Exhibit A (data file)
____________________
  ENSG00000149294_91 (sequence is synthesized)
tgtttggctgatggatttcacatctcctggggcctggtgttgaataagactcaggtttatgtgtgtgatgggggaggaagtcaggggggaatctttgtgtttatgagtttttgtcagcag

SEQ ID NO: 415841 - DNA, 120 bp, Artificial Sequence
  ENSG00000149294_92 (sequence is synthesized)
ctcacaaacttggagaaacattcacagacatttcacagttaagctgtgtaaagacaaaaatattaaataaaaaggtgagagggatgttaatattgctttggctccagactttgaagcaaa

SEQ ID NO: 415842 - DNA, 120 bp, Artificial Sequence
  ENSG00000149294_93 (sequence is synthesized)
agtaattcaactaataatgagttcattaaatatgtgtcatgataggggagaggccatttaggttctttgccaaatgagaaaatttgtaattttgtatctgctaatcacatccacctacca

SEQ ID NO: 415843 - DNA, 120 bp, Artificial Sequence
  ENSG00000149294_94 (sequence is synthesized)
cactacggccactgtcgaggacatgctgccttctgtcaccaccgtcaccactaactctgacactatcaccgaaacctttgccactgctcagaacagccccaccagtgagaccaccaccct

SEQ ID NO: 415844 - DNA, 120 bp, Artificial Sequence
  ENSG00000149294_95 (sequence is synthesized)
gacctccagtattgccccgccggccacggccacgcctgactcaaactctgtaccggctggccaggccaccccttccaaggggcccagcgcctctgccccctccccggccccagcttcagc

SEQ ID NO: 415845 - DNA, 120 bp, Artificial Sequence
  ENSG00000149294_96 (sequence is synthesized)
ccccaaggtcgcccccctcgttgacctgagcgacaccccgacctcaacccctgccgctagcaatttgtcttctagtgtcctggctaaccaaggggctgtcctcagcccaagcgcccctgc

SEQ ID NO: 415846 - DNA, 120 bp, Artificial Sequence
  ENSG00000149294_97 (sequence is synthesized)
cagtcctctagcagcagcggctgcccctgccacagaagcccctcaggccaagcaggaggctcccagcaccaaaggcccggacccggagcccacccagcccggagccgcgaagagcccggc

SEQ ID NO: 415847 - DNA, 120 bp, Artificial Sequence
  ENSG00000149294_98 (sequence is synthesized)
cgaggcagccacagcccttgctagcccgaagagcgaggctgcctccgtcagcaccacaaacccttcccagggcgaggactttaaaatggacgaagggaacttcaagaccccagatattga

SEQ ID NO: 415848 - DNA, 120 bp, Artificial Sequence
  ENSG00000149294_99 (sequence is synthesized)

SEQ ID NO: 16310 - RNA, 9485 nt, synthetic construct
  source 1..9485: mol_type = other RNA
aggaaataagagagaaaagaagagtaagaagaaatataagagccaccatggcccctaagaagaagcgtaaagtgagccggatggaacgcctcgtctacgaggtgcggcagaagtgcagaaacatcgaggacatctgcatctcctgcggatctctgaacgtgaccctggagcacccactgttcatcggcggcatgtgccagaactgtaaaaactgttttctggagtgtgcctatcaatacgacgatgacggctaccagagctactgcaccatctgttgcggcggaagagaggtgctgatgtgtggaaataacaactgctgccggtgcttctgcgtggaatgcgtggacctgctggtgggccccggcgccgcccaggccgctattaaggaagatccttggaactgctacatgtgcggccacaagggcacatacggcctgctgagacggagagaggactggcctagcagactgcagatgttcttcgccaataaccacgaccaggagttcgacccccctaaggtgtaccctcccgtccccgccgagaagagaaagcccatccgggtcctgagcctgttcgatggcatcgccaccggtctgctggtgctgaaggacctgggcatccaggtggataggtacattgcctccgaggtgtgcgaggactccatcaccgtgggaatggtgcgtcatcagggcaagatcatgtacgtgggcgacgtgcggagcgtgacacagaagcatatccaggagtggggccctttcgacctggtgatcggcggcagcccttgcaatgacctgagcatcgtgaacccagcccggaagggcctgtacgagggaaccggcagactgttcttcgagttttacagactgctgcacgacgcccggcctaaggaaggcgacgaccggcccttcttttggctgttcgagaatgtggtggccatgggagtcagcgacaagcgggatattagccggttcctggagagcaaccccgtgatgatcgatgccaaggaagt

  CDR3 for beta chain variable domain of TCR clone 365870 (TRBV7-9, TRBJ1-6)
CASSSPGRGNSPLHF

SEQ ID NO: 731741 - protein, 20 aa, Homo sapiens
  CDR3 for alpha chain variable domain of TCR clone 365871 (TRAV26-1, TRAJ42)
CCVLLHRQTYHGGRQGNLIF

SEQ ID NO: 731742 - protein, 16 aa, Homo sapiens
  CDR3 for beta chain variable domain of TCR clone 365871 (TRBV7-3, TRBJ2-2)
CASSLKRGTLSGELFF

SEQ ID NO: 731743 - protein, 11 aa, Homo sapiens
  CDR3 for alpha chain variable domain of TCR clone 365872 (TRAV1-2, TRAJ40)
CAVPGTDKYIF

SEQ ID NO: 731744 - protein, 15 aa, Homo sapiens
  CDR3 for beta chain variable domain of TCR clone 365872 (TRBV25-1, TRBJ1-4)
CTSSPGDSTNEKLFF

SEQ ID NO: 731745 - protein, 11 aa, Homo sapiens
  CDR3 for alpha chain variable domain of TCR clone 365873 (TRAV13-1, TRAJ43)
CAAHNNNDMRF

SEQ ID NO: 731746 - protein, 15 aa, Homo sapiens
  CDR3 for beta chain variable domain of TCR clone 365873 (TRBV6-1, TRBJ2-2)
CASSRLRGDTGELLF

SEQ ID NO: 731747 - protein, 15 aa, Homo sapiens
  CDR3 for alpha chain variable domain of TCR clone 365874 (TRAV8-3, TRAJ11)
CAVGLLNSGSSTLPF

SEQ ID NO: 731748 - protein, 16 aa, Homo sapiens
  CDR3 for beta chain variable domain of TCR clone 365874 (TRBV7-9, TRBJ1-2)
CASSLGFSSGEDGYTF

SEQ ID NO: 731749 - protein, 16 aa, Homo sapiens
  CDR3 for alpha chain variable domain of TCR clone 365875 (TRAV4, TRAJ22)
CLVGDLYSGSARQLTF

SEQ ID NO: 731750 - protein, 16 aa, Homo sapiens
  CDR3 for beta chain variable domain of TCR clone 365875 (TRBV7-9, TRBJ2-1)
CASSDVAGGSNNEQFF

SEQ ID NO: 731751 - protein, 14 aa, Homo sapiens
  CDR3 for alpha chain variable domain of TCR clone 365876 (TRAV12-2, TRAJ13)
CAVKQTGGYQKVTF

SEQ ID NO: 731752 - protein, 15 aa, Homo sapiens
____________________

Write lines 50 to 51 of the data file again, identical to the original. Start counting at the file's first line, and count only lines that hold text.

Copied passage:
  CDR3 for alpha chain variable domain of TCR clone 365874 (TRAV8-3, TRAJ11)
CAVGLLNSGSSTLPF